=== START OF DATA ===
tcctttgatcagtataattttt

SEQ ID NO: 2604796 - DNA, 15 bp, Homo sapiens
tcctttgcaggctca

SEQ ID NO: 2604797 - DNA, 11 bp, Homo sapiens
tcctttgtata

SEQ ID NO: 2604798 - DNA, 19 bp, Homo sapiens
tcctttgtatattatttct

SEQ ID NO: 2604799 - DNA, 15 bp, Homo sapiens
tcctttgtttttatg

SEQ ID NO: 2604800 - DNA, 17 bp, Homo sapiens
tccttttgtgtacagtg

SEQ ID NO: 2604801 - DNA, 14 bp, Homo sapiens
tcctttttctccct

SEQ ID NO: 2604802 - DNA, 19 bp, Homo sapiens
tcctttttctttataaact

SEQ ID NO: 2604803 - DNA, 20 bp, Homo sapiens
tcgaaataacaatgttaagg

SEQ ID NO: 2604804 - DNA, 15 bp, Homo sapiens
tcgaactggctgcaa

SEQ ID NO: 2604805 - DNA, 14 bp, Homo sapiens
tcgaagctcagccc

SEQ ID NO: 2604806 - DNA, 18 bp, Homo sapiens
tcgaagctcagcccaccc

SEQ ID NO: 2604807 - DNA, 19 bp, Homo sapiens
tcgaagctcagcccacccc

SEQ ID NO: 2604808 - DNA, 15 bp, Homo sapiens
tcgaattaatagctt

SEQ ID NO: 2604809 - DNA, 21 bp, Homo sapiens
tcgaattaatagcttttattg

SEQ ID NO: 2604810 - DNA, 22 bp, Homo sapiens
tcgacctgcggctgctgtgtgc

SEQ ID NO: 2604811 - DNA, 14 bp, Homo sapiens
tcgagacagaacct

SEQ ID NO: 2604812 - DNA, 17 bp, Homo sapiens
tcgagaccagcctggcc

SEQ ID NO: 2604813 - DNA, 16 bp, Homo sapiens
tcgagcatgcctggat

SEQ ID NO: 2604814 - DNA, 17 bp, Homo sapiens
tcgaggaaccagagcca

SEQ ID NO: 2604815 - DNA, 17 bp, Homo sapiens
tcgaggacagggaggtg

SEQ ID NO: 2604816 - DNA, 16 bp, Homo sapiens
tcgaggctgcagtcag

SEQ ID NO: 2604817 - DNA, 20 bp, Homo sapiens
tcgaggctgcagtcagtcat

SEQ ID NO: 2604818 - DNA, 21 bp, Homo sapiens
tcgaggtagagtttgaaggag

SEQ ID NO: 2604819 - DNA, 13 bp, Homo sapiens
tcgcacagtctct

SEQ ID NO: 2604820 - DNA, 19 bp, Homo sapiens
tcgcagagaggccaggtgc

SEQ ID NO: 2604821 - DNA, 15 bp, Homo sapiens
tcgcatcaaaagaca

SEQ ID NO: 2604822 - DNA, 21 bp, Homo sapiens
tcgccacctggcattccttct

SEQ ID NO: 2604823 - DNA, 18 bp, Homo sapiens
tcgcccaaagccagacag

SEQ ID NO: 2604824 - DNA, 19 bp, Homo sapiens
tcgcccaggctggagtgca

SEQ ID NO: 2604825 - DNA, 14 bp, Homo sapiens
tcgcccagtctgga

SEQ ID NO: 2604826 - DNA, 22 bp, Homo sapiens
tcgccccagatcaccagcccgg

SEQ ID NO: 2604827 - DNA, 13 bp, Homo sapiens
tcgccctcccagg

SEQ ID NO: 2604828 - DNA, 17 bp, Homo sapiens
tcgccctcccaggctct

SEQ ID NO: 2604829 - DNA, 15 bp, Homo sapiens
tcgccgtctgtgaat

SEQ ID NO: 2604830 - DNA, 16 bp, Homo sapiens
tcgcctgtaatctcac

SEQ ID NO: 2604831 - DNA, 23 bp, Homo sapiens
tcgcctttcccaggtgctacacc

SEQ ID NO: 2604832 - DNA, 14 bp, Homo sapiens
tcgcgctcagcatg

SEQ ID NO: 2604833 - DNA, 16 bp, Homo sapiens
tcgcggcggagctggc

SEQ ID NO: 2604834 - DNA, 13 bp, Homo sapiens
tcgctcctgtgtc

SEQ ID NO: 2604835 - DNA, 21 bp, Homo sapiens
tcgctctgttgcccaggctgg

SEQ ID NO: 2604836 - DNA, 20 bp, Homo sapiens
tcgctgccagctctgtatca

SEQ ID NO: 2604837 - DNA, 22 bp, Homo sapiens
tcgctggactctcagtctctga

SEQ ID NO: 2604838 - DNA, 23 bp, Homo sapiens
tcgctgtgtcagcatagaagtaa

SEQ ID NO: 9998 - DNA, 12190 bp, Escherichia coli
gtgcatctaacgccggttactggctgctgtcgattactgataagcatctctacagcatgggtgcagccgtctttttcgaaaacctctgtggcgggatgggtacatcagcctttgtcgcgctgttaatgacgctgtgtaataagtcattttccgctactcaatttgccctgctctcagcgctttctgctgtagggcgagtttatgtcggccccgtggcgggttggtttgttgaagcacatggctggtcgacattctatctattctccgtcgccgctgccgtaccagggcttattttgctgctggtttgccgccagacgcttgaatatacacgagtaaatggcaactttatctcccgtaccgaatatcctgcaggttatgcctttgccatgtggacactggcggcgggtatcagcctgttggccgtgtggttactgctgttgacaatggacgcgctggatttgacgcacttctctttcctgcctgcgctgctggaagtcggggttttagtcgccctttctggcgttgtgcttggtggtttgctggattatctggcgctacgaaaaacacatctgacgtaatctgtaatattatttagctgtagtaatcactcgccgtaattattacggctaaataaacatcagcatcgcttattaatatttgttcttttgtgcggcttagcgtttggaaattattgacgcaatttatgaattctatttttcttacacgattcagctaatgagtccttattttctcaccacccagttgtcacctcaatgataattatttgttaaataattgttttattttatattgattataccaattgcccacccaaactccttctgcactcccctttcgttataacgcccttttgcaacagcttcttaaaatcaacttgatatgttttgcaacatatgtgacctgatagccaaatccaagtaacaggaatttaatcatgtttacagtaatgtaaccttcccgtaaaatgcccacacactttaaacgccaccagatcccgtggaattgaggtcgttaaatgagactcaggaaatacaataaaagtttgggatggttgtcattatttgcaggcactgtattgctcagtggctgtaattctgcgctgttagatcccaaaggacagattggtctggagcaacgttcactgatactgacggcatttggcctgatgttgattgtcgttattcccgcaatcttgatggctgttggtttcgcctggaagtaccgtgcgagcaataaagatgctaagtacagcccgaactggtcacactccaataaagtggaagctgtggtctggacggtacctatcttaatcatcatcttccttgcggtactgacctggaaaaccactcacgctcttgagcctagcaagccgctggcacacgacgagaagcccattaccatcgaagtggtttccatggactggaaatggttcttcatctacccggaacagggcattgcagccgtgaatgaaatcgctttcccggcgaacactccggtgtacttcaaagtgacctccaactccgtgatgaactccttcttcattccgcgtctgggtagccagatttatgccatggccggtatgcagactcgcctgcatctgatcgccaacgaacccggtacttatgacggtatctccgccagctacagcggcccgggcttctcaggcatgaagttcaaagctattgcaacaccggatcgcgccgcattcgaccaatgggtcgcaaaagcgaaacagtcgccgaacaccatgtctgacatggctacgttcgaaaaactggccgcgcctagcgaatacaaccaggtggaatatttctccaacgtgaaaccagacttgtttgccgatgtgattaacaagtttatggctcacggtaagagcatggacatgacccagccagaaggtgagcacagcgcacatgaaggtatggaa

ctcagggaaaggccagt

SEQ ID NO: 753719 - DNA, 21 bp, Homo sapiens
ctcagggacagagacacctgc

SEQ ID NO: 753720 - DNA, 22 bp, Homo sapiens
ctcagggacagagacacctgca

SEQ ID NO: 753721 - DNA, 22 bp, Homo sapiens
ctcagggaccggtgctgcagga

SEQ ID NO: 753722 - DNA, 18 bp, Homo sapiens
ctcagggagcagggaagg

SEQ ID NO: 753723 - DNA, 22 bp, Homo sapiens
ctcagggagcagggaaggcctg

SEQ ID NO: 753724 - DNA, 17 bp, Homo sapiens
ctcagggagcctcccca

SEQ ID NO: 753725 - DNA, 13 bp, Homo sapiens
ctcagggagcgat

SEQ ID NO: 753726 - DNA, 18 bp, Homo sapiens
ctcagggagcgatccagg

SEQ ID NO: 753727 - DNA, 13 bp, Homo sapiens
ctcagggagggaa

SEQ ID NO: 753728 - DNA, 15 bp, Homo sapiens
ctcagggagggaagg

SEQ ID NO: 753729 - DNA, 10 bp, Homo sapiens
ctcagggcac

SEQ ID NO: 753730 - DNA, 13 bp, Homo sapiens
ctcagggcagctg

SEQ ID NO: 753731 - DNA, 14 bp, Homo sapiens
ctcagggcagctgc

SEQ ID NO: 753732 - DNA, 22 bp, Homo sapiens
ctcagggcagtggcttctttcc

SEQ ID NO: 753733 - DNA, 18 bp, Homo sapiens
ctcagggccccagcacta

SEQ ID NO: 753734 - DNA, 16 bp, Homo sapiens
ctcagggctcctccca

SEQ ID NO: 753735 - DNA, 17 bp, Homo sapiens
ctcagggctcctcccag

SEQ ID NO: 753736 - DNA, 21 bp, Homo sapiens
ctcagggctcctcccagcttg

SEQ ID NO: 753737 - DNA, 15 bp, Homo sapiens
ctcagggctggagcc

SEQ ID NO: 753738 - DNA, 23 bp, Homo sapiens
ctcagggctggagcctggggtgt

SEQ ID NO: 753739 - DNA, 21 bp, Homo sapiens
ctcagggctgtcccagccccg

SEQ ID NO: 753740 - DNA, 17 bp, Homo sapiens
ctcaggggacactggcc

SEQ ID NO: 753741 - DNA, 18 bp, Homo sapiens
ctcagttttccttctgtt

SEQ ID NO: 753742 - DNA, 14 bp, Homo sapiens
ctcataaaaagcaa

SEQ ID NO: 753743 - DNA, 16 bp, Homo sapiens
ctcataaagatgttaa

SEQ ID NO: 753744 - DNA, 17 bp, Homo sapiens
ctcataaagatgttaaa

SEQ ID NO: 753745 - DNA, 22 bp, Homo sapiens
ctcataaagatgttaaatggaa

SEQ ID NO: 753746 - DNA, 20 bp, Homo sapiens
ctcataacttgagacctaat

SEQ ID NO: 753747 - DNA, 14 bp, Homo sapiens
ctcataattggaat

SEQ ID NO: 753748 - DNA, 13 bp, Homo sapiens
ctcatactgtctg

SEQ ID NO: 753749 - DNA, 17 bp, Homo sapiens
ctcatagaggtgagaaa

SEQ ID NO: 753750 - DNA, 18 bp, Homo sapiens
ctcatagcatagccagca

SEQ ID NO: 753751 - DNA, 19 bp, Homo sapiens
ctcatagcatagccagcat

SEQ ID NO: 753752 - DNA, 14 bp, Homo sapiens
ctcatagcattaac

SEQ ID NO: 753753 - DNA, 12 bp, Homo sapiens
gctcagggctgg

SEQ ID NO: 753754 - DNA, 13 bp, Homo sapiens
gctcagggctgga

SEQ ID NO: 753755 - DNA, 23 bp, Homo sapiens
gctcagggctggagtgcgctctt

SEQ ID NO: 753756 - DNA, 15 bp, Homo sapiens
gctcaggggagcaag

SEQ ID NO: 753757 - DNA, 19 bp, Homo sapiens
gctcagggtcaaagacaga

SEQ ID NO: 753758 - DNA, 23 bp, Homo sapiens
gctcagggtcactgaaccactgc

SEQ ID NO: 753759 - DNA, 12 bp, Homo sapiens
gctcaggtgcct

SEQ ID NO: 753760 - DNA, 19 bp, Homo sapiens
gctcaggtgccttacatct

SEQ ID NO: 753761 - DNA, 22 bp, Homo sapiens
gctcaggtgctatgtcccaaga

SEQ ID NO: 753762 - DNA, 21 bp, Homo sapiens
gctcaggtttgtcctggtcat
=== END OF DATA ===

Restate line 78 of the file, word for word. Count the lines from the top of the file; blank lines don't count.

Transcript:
SEQ ID NO: 2604834 - DNA, 13 bp, Homo sapiens